By Benjamin Leatherman
By Robrt L. Pela
By Katrina Montgomery
By Robrt L. Pela
By Kathleen Vanesian
By New Times
By Ray Stern
By Eric Tsetsi
I've often admired playwright Michael Grady's work, and Nearly Naked Theatre has staged some of the best theater I've seen in the last couple of years. Imagine my surprise – and disappointment – to discover a subpar production of Grady's Baylin's Monster at Nearly Naked last weekend.
It seemed like a perfect match: Grady's zany play about the travails of small-town commerce, produced by a company devoted to irreverent, offbeat material. But artistic director Damon Dering, who directed this production, has made a valiant effort and mostly failed with this tricky comedy.
Baylin's Monster is a sophisticated comedy told as a series of blackouts – an ambitious, intelligent script full of wonderfully sarcastic humor and a cast of hilarious hillbilly stereotypes. The play premièred at Phoenix College in 1991, with Dering in the role of the mayor, a part he reprises here with great style.
Baylin's may be the first musical without a score, a distinction planned by Grady to encourage non-singers to perform his play. It's up to the cast to make up the melodies to Grady's songs in each production, a notion that can lead to some tuneful laughs or some cheerless song styling. Nearly Naked's production has both.
A 14-person cast brings us the citizens of Baylin, a fictional Mississippi swamp town that fills its coffers with tourism dollars. Lately, the good people of Baylin have been lunch for a carnivorous monster that lives in its swamp.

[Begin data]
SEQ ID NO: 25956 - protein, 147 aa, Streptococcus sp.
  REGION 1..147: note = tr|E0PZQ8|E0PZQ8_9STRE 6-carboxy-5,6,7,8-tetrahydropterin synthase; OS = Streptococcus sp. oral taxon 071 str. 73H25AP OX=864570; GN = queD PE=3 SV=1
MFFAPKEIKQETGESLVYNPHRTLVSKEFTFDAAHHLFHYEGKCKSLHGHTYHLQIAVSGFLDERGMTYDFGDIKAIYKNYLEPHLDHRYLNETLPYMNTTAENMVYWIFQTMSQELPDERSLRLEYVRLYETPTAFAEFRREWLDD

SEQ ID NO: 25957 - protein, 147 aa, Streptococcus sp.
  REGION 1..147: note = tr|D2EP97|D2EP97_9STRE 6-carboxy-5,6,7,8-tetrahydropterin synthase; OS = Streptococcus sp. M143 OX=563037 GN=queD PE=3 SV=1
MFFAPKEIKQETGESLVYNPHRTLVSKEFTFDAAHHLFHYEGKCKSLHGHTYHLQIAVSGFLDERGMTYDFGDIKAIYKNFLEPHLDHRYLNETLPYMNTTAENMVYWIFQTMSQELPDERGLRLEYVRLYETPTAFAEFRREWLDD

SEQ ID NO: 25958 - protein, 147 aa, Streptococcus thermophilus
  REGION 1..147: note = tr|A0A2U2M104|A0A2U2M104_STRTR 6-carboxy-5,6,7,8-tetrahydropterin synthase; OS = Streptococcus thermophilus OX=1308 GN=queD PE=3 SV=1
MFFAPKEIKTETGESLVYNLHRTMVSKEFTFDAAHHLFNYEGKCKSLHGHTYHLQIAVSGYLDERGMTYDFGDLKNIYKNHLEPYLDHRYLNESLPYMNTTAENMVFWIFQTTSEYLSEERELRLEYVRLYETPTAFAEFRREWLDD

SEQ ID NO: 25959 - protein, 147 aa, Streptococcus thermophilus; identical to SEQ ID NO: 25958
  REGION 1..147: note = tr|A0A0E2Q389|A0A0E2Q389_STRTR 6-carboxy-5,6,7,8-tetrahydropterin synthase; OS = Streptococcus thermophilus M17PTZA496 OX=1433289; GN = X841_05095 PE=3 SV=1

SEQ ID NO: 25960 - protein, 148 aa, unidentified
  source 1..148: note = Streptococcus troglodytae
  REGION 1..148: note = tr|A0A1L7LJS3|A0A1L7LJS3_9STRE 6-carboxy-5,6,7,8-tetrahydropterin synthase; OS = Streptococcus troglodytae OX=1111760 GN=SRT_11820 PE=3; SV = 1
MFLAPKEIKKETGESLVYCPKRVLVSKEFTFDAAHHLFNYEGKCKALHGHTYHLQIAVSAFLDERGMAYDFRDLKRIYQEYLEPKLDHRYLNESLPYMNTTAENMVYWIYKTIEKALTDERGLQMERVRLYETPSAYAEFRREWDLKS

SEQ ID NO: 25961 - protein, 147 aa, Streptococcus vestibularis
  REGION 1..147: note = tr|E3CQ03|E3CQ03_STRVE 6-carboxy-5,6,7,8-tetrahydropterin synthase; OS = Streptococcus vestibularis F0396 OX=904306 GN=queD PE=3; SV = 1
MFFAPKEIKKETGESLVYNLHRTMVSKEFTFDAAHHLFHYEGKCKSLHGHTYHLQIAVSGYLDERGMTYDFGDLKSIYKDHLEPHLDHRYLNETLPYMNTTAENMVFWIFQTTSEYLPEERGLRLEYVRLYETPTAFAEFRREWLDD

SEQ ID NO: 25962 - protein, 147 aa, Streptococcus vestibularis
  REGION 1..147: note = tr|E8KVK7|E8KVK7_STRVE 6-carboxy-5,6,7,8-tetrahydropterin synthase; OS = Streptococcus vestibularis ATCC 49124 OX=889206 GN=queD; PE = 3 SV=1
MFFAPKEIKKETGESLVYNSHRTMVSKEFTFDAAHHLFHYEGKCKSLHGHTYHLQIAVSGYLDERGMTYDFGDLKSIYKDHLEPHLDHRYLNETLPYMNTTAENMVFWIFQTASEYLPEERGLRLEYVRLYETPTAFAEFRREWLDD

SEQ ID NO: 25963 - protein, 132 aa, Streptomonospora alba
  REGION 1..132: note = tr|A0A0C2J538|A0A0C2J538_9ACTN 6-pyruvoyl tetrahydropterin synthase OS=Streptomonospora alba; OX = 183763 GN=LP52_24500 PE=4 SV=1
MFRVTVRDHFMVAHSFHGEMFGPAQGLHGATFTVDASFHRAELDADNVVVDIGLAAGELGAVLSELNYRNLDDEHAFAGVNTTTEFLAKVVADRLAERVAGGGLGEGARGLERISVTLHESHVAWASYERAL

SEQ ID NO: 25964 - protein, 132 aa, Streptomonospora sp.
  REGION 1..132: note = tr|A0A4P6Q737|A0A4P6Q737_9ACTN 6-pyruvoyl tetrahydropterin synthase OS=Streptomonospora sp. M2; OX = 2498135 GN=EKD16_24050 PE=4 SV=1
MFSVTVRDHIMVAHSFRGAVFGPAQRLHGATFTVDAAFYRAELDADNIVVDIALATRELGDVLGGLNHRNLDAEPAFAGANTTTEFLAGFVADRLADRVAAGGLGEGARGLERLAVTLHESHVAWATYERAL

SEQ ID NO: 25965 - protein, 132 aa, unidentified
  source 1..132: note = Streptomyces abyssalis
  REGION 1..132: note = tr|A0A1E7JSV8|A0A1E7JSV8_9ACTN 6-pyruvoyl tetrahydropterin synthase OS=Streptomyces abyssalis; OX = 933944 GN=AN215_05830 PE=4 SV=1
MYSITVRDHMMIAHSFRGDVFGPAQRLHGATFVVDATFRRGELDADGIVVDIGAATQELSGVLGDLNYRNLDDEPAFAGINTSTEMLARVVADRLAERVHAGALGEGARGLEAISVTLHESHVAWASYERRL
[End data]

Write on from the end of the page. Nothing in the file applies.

The media has descended – including network reporter Larry Farrell, a former Baylinite – looking to break the Baylin story, and the townsfolk are scrambling to hide their 60-foot monster. Or are they?
It's a joyous experience to watch Paulina Glider breathe life into another quirky gal gone wrong. This time she's Suzi, the town trollop who may or may not have seen a swamp monster. She's hot for our hero, Larry Farrell (Joshua Ian, a Robert Downey Jr. look-alike who plays comic angst like a pro), whose mother spotted the monster gobbling her neighbors.
Joy Stimple makes a humdinger of Mom Farrell's big speech about a monster born of crooked commerce, and she captured many of the few laughs squeaked out by the audience on the night I saw the show.
Her performance is rivaled by Ty Marshal's Yancy, a demented singer who's obsessed with musical theater star Richard Kiley; and by Dering's delightful mayor, equal parts Sydney Greenstreet and Polly Holliday, a combination of camp and cool Southern charm.
Unfortunately, Dering's direction is less winning. His players perform at different tempos, and several of them turn up as hackneyed Hee-Haw oddballs. Many of Grady's smarter lyrics are lost to the potholed delivery of the players here, which obscures several plot points and is just plain annoying.
Dering does best with goofy television commercials for used cars and "Monster Chess Sets," but these bits aren't enough to save what's ultimately a longish evening with only a handful of high points.
On the night I attended, the audience was either not up to the challenge of seeing past the lopsided production, or they just didn't care; many of the better laugh lines fell flat, and most of them were met with silence.
Dering's director's notes in the playbill praise Phoenix audiences for "getting" Nearly Naked's last few peculiar plays, which he confesses he wasn't sure we were ready for.
I imagine we'll all be accused of not "getting" Baylin's Monster, but in order to be gotten, this complicated and stylish play requires a diversely talented cast, one that can sing and sell jokes with equal aplomb. In the end, Nearly Naked's production of Baylin's Monster just isn't monstrous enough.